The later version SRA-12S also has a 100nF-250V cap across the bias supply, so I added this capacitor also.

I am not decided yet if that is actually to be considered an improvement or not. Given the fact that the coating on the diafragm has a very high resistance, it should make no real difference except maybe filtering out that last bit of 100/120Hz ripple. The charge on the diafragm should be constant for low distortion, and due to the high surface resistance, this will be the case. If the surface resistance would be quite low, I would prefer not to include the 100nF cap. In that case the series resistor (4.7M) is in the charge circuit, acting with the capacitance of the speaker (approx 100pF) as a time constant, to prevent the charge on the membranes from changing to fast.

I did some measurements on the SRA-12S, and this amp proves to be excellent.

The mains voltage in this country is 230V, so I set the voltage selector for 240VAC (the nearest higher value). It was still on the 220V setting, which corresponds with the local mains voltage when the unit was sold.

The maximum output voltage (without load) measured about 1080Vpp or 380Vrms.

This is dependant of the setting of the variable resistors on the output amplifier boards. I adjusted for max output voltage swing, and equal collector voltage of the 2SC1167s. (The collector voltage for max output turnes out to be 280VDC; with higer mains voltage, probable 290V will be best.)

The output with connected phones is a few percent lower.

Not bad results at all.

At this (lower than nominal) mains voltage, the high voltage supply is 630VDC. At 240VAC mains, the max output will be about 4% higher. Which, of course, is of no audible advantage whatsoever (<0.4dB).

I was not able to measure the distortion of the HV amp (because of the balanced output).

The I.S. (inter stage) amplifier gave the following results (measured @1kHz with HP339A with 30kHz and 80kHz filters engaged):

@ Vout = 0,5Vrms: d=0.009% (left and right channels). The distortion residue is all noise.

@ Vout = 1Vrms: d=0.0085% (left) / 0.007% (right). Noise and 2nd harmonic.

@ Vout = 2Vrms: d=0.0145% (left) / 0.011% (right). Predominantly second harmonic.

First class, certainly since the distortion is very low and almost only 2nd harmonic.

Bias voltage is 197V (@ Vmains = 230VAC), which is very close to the specified 200V.

The “normal bias” later changed to 230V.

Input sensitivity with balance control in mid position and volume max, is 95mV for 1V out. Both channels have identical sensitivity.

The sound is absolutely first class (on my SR-X Mk-III).

I woundn’t be surprised if the SRA-12S proves to be one of the better STAX units.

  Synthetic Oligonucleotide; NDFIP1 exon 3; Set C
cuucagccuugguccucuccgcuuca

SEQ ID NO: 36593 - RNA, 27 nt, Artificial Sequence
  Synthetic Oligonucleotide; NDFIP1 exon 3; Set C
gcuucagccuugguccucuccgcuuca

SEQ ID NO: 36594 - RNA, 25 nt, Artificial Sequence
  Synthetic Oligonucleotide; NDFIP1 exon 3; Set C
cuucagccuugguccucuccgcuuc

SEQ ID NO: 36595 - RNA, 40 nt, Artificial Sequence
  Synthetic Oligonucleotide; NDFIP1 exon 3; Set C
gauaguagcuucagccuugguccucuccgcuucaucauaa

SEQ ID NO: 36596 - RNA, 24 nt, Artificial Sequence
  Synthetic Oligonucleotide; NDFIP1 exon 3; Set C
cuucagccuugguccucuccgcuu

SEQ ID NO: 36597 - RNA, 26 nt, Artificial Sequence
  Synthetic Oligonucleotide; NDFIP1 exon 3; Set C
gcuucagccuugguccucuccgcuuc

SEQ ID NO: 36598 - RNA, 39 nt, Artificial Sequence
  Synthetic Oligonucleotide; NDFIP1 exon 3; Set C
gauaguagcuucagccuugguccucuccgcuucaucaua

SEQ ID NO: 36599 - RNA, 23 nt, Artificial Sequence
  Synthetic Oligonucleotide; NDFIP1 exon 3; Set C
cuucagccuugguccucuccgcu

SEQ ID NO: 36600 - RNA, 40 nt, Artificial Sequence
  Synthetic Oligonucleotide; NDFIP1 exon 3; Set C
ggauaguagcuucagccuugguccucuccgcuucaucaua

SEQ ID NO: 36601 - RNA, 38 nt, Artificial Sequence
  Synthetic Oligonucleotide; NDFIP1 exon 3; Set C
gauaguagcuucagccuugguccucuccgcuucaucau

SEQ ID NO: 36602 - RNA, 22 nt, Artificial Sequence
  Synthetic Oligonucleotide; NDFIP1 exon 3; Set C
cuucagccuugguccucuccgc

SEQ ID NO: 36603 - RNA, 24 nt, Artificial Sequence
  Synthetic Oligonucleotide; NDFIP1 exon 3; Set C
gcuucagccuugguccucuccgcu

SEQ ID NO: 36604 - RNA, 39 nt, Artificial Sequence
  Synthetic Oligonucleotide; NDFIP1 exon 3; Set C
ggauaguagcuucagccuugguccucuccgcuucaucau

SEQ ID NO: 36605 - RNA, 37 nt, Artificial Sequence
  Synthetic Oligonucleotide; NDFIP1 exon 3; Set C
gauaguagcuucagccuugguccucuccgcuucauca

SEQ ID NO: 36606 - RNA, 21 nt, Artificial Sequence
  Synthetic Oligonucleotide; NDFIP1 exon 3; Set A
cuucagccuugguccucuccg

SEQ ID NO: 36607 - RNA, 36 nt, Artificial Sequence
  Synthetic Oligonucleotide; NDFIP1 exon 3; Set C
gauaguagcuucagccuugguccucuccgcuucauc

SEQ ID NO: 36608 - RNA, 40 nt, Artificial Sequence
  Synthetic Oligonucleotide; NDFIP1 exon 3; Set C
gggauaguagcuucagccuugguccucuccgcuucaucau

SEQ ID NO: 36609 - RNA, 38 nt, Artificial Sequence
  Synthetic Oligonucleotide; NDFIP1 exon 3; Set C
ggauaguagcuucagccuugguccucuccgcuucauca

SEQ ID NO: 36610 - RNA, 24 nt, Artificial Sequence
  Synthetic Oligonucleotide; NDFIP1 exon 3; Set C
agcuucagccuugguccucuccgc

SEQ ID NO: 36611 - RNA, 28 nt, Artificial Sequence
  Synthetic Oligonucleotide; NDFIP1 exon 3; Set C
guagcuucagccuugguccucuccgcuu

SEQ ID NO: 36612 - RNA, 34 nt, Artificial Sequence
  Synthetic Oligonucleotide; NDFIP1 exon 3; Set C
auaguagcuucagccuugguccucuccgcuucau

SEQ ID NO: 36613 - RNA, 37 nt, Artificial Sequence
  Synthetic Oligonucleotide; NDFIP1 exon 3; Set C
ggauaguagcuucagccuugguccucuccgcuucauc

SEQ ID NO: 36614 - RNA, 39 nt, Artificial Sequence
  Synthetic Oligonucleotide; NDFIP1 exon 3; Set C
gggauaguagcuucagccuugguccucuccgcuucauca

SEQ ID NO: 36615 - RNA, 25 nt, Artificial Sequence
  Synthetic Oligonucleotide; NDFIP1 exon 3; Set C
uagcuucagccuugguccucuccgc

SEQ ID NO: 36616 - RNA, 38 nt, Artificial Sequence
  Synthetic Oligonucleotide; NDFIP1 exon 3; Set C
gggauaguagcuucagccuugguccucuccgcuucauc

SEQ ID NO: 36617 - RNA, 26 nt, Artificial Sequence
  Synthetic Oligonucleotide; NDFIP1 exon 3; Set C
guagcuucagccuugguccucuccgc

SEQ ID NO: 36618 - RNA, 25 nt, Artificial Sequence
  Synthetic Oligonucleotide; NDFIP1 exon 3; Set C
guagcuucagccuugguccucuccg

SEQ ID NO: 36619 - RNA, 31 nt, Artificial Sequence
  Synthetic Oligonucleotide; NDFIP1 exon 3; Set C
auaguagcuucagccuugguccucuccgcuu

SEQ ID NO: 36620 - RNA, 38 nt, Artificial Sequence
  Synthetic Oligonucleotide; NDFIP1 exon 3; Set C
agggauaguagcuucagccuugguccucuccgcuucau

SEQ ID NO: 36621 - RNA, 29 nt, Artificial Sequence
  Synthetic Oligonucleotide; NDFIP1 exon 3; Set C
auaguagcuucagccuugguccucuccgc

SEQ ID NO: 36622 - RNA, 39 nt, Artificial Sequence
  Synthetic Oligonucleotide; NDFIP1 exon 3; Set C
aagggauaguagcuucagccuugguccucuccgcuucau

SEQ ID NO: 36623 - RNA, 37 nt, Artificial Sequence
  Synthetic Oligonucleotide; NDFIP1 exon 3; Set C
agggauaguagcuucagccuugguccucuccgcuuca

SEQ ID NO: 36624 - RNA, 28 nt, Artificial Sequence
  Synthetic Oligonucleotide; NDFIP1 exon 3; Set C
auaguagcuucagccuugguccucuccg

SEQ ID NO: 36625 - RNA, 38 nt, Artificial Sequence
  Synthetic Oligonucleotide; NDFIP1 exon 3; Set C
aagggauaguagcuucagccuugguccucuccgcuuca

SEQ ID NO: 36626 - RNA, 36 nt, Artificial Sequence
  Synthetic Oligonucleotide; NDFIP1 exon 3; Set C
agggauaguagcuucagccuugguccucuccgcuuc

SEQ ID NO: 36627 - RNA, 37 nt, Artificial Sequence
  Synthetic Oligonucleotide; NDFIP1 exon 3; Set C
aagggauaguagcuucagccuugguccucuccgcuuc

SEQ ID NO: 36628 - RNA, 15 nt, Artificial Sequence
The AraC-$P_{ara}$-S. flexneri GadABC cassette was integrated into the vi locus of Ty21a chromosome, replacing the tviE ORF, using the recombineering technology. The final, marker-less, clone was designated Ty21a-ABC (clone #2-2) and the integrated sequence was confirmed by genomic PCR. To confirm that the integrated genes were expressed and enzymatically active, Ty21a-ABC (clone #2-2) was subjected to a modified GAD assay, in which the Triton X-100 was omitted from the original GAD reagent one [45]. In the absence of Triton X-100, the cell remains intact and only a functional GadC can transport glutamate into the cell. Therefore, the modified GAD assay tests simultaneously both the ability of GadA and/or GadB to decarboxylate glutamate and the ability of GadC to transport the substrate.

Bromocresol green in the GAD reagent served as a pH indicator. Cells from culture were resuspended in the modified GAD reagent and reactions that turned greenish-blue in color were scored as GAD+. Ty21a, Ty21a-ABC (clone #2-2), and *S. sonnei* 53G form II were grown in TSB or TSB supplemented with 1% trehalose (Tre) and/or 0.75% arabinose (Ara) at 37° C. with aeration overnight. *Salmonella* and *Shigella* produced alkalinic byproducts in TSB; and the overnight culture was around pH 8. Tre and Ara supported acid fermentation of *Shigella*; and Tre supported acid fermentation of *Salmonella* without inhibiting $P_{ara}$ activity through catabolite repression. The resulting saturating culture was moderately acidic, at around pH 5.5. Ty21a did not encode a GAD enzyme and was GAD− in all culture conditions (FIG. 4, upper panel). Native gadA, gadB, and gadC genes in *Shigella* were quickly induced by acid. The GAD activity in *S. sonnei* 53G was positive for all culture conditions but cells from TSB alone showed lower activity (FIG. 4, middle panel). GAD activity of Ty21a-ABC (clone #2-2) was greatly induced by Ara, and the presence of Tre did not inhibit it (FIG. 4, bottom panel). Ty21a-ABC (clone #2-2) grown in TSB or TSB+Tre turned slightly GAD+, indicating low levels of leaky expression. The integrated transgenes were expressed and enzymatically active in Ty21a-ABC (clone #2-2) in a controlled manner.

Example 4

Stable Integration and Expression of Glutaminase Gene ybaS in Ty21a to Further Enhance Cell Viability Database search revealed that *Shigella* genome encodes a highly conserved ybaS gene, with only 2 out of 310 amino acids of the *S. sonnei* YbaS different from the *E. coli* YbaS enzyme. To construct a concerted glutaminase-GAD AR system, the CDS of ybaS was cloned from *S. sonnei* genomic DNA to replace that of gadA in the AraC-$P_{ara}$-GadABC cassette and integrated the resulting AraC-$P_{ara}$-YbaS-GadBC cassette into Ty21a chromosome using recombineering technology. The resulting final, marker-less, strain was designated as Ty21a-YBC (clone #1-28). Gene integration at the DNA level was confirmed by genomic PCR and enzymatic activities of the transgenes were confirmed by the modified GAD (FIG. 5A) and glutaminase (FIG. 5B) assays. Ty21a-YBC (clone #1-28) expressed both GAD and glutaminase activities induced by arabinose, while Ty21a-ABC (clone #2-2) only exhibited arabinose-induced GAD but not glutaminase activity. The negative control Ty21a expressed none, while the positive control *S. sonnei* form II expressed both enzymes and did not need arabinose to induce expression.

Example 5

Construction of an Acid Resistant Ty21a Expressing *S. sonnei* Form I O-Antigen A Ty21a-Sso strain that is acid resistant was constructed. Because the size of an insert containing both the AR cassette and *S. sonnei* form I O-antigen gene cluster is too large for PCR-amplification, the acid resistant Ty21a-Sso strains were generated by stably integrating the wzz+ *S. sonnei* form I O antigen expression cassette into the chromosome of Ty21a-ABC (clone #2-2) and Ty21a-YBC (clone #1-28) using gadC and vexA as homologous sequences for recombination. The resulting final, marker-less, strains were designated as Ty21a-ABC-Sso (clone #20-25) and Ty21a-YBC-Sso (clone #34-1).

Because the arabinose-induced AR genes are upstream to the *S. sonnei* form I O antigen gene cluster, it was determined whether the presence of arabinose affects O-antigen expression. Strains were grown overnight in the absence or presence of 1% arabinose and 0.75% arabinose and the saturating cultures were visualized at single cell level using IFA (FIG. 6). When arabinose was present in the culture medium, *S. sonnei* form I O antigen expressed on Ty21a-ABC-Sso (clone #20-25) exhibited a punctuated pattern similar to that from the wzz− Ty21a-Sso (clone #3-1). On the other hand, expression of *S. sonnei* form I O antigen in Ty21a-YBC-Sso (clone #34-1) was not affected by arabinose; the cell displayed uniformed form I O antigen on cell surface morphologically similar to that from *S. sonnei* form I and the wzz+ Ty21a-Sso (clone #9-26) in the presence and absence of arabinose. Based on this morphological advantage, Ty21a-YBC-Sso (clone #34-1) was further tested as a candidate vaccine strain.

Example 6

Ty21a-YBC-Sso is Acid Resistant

I will do some comparison with my SRD-7, which I have always liked.

I would be delighted to hear any experiences with the SRA-12S from the forum members!

Does anyone still have a SRA-12S and how does it sound to your ears?

Maybe there is someone out there having the user manual? A copy or high resolution scan certainly would not go amiss ;-) Thanks!

A test report from one of the magazines of the time would also be appreciated!

At the time (end of the ‘70s) it certainly must have been state of the art.

In the attached pictures you can see:

* the output voltage swing, just before clipping (200V/div)

* the inside of the SRA-12S

* the outside of this fantastic amplifier

post-1415-12951153294568_thumb.jpg

post-1415-12951153295185_thumb.jpg

post-1415-12951153296063_thumb.jpg

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Interesting stuff :)

Since the SRM-1mk2's maximum output is also 380Vrms, maybe they have identical amplification sections?

Yes, it would certainly be interesting to see the schematic of the SRM-1 and SRM-1mk2.

maybe Birgir has some info on these schematics in his vast collection?

Jac

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Fantastic writeup. But,

Spritser was so kind to mail me a photo...

Is that Spritzer's Egmont-building cousin?

*Jeremy Clarkson voice* Some say that his brain is biased to 580 volts, and "EL84" really is his middle name. All we know is, he's not Spritzer, but he is... Spritzer's Egmont-building cousin!!

or maybe:

There are those who say that "Stax" was his first ever uttered word, and that he can replace the pads on an O2 Mk1 in his sleep, with his toes. All we know is...

Bah, must make stig-style intros! Can't stop!!!

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Great writeup Jac. :) I was sifting through my mountain of Stax printed materials and found a photocopy of a brochure for the SRA-12S which I'll scan or at least take a picture of when I can remeber. :P